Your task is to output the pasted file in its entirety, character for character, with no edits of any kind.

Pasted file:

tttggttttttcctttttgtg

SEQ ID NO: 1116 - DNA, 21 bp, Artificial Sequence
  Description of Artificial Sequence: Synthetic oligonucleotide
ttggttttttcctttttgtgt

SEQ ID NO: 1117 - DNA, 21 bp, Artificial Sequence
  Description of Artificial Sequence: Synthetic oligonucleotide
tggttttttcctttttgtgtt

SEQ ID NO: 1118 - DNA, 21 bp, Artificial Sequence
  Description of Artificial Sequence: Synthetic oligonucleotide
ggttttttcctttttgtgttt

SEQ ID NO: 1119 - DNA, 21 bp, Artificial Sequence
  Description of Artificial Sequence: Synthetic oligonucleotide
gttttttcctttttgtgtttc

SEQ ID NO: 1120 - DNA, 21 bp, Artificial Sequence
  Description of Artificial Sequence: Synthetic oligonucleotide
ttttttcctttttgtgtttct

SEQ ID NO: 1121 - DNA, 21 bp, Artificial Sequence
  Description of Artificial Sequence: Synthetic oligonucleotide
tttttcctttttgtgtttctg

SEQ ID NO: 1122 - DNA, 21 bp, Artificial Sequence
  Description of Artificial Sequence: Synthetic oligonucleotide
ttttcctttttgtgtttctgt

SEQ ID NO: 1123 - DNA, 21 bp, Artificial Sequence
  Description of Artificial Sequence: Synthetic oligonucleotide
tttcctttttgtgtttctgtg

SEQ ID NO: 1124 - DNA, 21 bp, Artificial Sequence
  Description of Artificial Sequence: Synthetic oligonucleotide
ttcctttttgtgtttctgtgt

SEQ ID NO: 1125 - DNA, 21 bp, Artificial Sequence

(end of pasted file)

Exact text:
tttggttttttcctttttgtg

SEQ ID NO: 1116 - DNA, 21 bp, Artificial Sequence
  Description of Artificial Sequence: Synthetic oligonucleotide
ttggttttttcctttttgtgt

SEQ ID NO: 1117 - DNA, 21 bp, Artificial Sequence
  Description of Artificial Sequence: Synthetic oligonucleotide
tggttttttcctttttgtgtt

SEQ ID NO: 1118 - DNA, 21 bp, Artificial Sequence
  Description of Artificial Sequence: Synthetic oligonucleotide
ggttttttcctttttgtgttt

SEQ ID NO: 1119 - DNA, 21 bp, Artificial Sequence
  Description of Artificial Sequence: Synthetic oligonucleotide
gttttttcctttttgtgtttc

SEQ ID NO: 1120 - DNA, 21 bp, Artificial Sequence
  Description of Artificial Sequence: Synthetic oligonucleotide
ttttttcctttttgtgtttct

SEQ ID NO: 1121 - DNA, 21 bp, Artificial Sequence
  Description of Artificial Sequence: Synthetic oligonucleotide
tttttcctttttgtgtttctg

SEQ ID NO: 1122 - DNA, 21 bp, Artificial Sequence
  Description of Artificial Sequence: Synthetic oligonucleotide
ttttcctttttgtgtttctgt

SEQ ID NO: 1123 - DNA, 21 bp, Artificial Sequence
  Description of Artificial Sequence: Synthetic oligonucleotide
tttcctttttgtgtttctgtg

SEQ ID NO: 1124 - DNA, 21 bp, Artificial Sequence
  Description of Artificial Sequence: Synthetic oligonucleotide
ttcctttttgtgtttctgtgt

SEQ ID NO: 1125 - DNA, 21 bp, Artificial Sequence